Objectives: The goal of this project was to evaluate the role of calcitonin gene-related peptide (CGRP) in the development of arthritis. Methods: Herein, we employed somatic mosaic analysis in two different joints by FIV(CGRP) intra-articular inoculation in the knees or temporomandibular joints (TMJ) of young adult male C57/BL6 mice. FIV(CGRP) is a feline immunodeficiency virus over-expressing full-length CGRP. Joint pathology and function were evaluated at the histopathological and behavioral levels. In addition, CGRP signaling was inhibited by intra-articular inoculation using FIV(CGRP8-37), such that the inhibitory peptide CGRP(8-37) was overexpressed 4 weeks after induction of joint inflammation in the TMJ of IL-1βXAT transgenic mouse model. The mice were evaluated for behavior and killed for evaluation of knee and TMJ pathology. Results: Overexpression of CGRP in the joints of wild-type mice induced the development of joint anomalies, including meniscal hypertrophy and articular pathology, associated with nocifensive behavior. Intriguingly, overexpression of the CGRP(8-37) inhibitory peptide in the knee and TMJ of IL-1βXAT transgenic mice with joint inflammation resulted in partial amelioration of the attendant joint pathology. Conclusions: The results of this study suggest that CGRP is sufficient and necessary for the development of joint pathology and may serve as an intra-articular therapeutic target using gene therapy or monoclonal antibody-based therapies.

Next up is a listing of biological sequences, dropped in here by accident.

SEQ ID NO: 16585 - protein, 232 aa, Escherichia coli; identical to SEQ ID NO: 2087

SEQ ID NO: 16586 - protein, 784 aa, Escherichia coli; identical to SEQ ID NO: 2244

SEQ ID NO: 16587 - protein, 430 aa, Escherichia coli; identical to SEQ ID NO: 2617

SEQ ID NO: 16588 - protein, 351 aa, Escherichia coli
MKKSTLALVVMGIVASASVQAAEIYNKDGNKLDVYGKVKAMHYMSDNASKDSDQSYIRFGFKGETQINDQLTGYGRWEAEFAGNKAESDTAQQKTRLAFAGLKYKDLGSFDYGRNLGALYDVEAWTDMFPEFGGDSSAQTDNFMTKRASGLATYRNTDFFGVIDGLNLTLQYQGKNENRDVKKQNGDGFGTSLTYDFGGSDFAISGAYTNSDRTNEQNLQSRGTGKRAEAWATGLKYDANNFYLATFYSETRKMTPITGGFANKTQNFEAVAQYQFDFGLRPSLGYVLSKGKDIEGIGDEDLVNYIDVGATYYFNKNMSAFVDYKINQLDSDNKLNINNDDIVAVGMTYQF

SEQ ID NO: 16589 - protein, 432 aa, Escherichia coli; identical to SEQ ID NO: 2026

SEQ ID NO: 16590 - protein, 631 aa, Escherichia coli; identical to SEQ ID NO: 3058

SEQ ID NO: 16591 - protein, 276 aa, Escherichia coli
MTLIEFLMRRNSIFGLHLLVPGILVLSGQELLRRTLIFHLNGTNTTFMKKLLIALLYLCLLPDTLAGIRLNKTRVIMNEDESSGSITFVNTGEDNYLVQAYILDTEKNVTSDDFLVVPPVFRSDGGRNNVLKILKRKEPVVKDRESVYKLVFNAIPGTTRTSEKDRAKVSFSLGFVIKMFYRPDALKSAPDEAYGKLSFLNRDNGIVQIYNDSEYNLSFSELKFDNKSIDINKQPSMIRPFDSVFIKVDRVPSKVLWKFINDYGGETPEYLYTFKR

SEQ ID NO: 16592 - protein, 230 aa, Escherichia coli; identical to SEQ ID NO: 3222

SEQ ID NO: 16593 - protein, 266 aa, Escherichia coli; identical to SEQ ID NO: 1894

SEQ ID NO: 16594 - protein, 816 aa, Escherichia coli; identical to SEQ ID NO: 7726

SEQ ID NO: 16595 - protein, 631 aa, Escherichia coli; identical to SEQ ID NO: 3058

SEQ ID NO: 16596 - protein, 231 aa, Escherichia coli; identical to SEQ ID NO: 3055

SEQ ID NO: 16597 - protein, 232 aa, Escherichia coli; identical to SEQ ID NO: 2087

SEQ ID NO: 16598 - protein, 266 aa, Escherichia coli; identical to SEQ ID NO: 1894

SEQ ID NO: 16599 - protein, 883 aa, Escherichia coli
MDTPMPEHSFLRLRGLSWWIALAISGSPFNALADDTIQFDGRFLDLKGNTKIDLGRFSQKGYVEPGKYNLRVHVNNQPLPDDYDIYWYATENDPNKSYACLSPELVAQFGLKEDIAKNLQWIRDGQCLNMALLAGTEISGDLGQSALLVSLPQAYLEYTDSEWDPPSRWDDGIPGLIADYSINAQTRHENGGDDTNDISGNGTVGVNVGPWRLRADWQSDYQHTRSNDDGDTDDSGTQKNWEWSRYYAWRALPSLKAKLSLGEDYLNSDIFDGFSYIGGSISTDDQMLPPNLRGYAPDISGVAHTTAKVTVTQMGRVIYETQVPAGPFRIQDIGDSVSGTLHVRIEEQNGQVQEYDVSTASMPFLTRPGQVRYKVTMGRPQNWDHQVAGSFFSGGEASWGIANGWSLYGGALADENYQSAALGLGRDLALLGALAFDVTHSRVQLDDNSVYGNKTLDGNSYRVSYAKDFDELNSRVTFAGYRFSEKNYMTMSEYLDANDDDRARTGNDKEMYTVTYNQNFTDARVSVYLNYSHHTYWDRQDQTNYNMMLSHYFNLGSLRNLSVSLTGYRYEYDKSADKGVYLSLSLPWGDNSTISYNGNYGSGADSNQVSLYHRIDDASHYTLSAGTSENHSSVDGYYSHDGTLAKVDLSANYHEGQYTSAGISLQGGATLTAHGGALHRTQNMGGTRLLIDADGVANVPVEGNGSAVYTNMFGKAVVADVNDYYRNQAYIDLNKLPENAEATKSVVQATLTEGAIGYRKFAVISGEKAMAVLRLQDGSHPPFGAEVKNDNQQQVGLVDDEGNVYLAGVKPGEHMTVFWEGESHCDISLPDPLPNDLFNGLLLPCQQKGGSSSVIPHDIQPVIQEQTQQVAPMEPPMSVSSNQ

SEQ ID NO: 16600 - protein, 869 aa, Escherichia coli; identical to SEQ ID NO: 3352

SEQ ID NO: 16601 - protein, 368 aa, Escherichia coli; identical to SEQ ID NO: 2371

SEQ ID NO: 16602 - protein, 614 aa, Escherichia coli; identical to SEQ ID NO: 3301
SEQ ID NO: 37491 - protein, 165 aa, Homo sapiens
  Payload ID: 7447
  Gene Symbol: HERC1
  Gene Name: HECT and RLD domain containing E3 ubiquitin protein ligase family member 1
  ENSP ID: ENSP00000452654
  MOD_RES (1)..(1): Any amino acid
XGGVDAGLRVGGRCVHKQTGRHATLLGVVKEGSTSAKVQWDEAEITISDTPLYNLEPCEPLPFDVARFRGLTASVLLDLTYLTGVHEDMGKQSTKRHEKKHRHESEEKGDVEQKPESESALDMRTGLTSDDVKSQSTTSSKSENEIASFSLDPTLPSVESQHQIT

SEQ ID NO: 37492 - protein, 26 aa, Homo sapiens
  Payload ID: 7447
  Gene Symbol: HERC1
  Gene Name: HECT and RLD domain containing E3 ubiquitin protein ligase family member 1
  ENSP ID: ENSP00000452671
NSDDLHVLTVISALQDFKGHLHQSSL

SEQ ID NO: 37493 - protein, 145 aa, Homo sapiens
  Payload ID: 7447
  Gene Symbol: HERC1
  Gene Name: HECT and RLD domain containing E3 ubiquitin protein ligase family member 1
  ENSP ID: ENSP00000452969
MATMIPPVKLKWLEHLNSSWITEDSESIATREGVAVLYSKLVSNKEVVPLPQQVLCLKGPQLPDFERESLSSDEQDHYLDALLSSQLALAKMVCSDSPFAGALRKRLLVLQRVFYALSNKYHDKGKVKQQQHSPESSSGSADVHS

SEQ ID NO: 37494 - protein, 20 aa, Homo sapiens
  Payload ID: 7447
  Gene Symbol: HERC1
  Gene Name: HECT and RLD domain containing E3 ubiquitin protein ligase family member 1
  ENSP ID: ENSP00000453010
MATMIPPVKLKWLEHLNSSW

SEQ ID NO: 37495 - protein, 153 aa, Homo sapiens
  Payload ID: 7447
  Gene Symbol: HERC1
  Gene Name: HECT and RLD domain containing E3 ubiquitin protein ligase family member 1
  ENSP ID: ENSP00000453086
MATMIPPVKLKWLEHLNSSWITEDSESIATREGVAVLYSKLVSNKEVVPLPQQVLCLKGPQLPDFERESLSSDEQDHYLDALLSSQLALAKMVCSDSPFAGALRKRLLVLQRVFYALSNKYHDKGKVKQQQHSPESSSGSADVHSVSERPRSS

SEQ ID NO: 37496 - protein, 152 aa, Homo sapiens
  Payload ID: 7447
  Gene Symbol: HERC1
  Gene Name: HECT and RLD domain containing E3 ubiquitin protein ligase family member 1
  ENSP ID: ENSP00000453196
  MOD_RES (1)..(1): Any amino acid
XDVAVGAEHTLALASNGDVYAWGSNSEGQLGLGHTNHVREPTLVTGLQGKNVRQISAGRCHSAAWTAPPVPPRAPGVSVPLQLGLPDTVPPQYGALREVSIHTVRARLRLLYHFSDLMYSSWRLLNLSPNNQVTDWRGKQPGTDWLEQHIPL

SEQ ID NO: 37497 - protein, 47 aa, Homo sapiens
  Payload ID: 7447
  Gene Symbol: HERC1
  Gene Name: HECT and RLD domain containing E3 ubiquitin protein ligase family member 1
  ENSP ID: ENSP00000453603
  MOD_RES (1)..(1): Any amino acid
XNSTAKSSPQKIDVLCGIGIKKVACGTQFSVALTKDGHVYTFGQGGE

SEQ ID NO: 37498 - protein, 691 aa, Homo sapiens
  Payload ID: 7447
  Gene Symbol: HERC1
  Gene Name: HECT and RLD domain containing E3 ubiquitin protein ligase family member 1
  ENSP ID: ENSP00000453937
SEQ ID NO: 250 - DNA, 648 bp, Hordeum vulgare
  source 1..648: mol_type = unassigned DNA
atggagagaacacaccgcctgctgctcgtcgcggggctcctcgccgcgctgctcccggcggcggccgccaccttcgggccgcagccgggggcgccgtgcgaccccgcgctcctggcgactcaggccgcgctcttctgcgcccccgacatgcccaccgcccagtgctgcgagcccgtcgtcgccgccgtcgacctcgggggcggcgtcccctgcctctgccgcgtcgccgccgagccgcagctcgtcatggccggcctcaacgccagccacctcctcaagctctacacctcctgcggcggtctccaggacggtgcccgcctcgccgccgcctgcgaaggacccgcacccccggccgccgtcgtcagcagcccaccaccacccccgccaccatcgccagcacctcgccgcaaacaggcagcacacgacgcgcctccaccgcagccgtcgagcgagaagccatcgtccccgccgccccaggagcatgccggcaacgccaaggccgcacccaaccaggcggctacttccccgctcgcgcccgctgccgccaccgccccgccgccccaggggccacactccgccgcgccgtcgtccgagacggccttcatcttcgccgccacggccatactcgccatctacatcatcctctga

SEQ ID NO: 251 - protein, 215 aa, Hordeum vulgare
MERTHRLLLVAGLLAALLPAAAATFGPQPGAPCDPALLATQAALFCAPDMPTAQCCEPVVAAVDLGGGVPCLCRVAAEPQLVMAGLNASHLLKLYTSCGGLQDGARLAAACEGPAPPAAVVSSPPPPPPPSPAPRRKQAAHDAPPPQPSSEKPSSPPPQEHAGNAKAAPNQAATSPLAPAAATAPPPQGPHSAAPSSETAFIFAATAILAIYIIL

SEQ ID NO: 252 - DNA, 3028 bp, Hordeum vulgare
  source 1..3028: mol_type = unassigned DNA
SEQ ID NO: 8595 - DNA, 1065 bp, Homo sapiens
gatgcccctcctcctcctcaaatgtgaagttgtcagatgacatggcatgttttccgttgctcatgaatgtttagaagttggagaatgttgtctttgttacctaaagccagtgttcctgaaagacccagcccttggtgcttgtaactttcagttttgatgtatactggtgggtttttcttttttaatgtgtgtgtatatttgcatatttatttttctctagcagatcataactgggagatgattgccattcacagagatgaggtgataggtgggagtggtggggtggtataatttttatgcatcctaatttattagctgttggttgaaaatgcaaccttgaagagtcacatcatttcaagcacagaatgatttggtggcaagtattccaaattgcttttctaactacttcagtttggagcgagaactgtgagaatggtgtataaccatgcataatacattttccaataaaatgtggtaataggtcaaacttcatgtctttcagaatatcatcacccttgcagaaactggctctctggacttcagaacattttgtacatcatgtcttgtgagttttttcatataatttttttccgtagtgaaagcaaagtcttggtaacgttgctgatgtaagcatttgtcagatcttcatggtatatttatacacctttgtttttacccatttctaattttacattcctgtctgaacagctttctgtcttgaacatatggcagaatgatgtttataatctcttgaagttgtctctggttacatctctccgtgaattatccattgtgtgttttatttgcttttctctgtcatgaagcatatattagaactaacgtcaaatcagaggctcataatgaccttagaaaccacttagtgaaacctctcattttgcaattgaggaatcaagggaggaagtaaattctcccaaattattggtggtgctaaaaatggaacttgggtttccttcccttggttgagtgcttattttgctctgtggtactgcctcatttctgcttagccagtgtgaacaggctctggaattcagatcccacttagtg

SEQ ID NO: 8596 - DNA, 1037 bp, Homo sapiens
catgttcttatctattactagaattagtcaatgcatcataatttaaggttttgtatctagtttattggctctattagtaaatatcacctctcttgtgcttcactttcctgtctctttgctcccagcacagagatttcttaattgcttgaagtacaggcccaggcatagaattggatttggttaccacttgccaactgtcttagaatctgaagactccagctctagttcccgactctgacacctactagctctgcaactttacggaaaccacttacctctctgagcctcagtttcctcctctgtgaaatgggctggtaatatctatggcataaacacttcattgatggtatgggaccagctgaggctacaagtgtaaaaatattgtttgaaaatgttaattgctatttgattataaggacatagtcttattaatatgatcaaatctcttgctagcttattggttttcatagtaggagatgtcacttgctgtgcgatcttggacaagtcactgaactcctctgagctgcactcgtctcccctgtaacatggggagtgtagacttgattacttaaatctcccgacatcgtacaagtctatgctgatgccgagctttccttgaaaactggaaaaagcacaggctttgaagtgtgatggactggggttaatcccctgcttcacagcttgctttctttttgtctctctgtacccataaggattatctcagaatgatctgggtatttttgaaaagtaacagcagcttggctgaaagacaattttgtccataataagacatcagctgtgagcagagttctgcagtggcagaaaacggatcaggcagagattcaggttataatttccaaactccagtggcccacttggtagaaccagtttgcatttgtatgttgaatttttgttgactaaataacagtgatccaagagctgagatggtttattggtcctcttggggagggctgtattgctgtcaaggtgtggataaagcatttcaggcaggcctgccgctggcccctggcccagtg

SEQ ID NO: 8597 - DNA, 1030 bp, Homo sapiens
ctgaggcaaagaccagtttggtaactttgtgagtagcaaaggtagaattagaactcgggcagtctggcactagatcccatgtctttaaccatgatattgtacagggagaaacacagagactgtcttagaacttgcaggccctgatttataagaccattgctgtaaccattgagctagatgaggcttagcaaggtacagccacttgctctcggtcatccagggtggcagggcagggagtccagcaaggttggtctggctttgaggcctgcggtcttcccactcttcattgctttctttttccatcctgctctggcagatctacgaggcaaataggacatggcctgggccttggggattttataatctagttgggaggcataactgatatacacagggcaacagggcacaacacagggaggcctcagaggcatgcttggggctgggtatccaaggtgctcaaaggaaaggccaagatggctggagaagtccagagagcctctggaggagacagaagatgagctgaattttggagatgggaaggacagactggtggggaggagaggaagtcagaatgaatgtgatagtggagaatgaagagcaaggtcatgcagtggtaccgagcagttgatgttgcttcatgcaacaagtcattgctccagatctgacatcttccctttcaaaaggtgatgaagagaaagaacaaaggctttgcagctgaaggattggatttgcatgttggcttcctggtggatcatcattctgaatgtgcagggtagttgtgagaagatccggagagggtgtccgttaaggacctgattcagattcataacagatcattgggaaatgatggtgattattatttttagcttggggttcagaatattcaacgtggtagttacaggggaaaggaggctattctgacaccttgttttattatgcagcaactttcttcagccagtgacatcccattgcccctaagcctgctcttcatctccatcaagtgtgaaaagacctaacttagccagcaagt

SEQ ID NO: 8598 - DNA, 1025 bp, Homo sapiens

|Number of pages||9|
|Journal||Clinical and Experimental Dental Research|
|State||Published - Oct 2022|
Bibliographical noteFunding Information:
We would like to thank Dr. Ross H. Tallents for performing the intra‐articular injections and evaluation of TMJ behavior. We would also like to thank Ms. Jen‐nie H. Miller for cloning and preparation of the FIV viral vectors described herein, and for the evaluation of knee joint behavior. The project was funded in part with NIH grant DE017765 and support from the University of Rochester.
© 2022 The Authors. Clinical and Experimental Dental Research published by John Wiley & Sons Ltd.
- TMJ disorders
- gene therapy
ASJC Scopus subject areas
- Dentistry (all)